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By: Gdw2014
Apr 19, 2014
Thanks too Douglas47 this will go viral and take on a life of its own.
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By: Gdw2014
Apr 19, 2014
Definitely do another study and include unions. I suspect you will see a pattern of fiscally unhealthy economies, abject poverty, corruption, insane taxes and unions.
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By: Gdw2014
Apr 19, 2014
Douglas,

Do you have any thoughts of your own or are they the intellectual properties of your "Professor"? I noticed you mentioned unions (really they are a "business" and are there as "for profit". As such you enter into an agreement with them and they negotiate your wages, benefits, etc as part of the collective bargaining agreement with the employer(s) and now you the member pay dues for this service to the union or i.e. read more
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By: Douglas47
Mar 30, 2014
My economics professor says the numbers in the column labeled " Avg. Annual State & Local Taxes" are not true averages. The "national average" is not a true average. Therefore all the calculations in the " % Difference from National Avg." Have no legitimate basis.

And since all these numbers are incorrect, there is no way to logically weight them on a cost of living index.

Strike three.
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Mar 28, 2014
While the actual cost of living plays a major role in quality of life, I think I know what they are trying to accomplish in this report.
Where I live, we have a taxable "value", taxable "rate" and also a tax "multiplier" on real estate. These are put in place by local government to confuse the tax payer and keep things as difficult to understand as much as possible.
We have a two bedroom home with a read more
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Mar 25, 2014
Washington is #6 with an average total state tax of $3800? On what planet?

I live in WA state and my property tax alone is $6800 for a house valued in the $500K range. And as anyone who lives in Seattle knows, $500K is nothing extravagant.

This data is 100% meaningless.
 
By: David
Mar 26, 2014
@Jack_white_9638718 - Did you read the study?? They are comparing TAX RATES across states. Do you understand that in order to calculate a state's effective tax rate you need to make some assumptions of how much gets allocated to sales taxes, real estate taxes, etc.
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By: Douglas47
Mar 26, 2014
David,

Do you realize your study "ranks" Nebraska as the third highest taxed state, while most legitimate studies rank them twentyfifth?

According to your study, as my right wing wack job web site is thrilled to point out:
" CA taxes 150% higher than Washington state’s — to what benefit?"

Technically, what your study says is that the "average taxpayer" in California, as defined by your profile, pays about 150% more (or 2 1\2 TIMES) what that "average read more
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By: David
Mar 26, 2014
@Douglas47 - Buddy you do even realize that I have nothing to do with this study so no wonder why it is so hard for you to understand the results of the study. Different methodologies produce different results and I find this one as sound as any of the others. At the end of the day no methodology will be perfect. For example, how much did TaxFoundation and ITEP assume that people spend toward items read more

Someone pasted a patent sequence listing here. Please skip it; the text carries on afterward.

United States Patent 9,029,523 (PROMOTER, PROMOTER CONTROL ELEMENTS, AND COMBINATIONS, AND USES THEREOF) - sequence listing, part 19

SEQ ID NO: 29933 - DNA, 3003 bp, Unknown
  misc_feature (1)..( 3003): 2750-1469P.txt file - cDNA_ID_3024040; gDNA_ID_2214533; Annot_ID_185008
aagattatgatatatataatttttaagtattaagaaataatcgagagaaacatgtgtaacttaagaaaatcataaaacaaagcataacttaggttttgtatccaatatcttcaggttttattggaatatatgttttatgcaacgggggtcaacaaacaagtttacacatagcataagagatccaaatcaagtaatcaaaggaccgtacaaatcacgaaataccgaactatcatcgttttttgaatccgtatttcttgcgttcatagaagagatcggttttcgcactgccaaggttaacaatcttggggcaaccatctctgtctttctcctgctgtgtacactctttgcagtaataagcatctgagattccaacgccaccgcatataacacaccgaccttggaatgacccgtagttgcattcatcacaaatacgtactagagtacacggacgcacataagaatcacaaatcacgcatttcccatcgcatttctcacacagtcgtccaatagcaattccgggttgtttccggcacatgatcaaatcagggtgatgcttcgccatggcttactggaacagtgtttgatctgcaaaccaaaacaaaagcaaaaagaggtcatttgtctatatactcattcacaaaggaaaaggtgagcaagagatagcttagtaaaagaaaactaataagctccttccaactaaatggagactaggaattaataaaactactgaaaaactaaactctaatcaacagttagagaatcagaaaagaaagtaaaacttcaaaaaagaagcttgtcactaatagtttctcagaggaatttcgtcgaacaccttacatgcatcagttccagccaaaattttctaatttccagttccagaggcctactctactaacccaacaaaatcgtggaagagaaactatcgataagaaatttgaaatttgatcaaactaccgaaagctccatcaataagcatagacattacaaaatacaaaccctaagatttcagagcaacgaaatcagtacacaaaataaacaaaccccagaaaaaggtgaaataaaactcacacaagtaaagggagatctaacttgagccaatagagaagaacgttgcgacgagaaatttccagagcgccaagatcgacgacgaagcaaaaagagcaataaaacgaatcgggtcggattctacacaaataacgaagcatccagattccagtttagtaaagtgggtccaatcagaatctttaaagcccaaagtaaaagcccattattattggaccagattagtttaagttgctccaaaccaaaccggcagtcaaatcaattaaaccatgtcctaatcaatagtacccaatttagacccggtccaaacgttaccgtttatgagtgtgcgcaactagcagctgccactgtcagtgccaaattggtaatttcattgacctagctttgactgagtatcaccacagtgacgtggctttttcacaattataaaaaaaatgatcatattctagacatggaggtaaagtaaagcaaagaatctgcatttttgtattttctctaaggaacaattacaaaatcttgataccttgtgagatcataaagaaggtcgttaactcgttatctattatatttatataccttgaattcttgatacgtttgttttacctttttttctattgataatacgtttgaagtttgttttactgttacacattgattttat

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By: Douglas47
Mar 25, 2014
Wallethub,

Please don't do another study like this next year.

You created way more heat than light.

Right wing wackos (mis)used your data to attack Democrats and unions.

And you can't, or won't, back up your methodology or correct the erroneous use of the results.

On the bright side, you did get tons of free publicity. Live with it.
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Mar 24, 2014
From the actual Equality of Opportunity Report:
"In summary, we find that areas that provide more local public goods and larger tax credits for low income families tend to have higher levels of upward mobility. However, segregation and inequality are much stronger and more robust predictors of the variation in intergenerational mobility than differences in local tax and expenditure policies."
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Mar 24, 2014
OK, this is even more dishonest than I thought.

The first paragraph of this article refers to an executive summary of a report by the Equality of Opportunity Project (you might even say it plagiarizes it).

http://obs.rc.fas.harvard.edu/chetty/website/v2/Geography%20Executive%20Summary%20and%20Memo%20January%202014.pdf

This article makes it sound like the Equality of Opportunity Project touted local taxes as some sort of major economic barrier.

Here is their tax findings: "We find modest correlations between upward mobility and local tax and government expenditure policies" read more
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Mar 24, 2014
That methodology is terrible because you take the median nationwide income and then apply state specific statistics to it. The median household income in Mississippi is somewhere around $40,000/yr. The median income in somewhere like Maryland is $70,000/yr. Someone making $65000/yr in Mississippi is probably 85th percentile (upper middle class). If you aren't comparing state to state (apples to apples), the analysis is simply shoddy. If someone who works as say a plumber and makes read more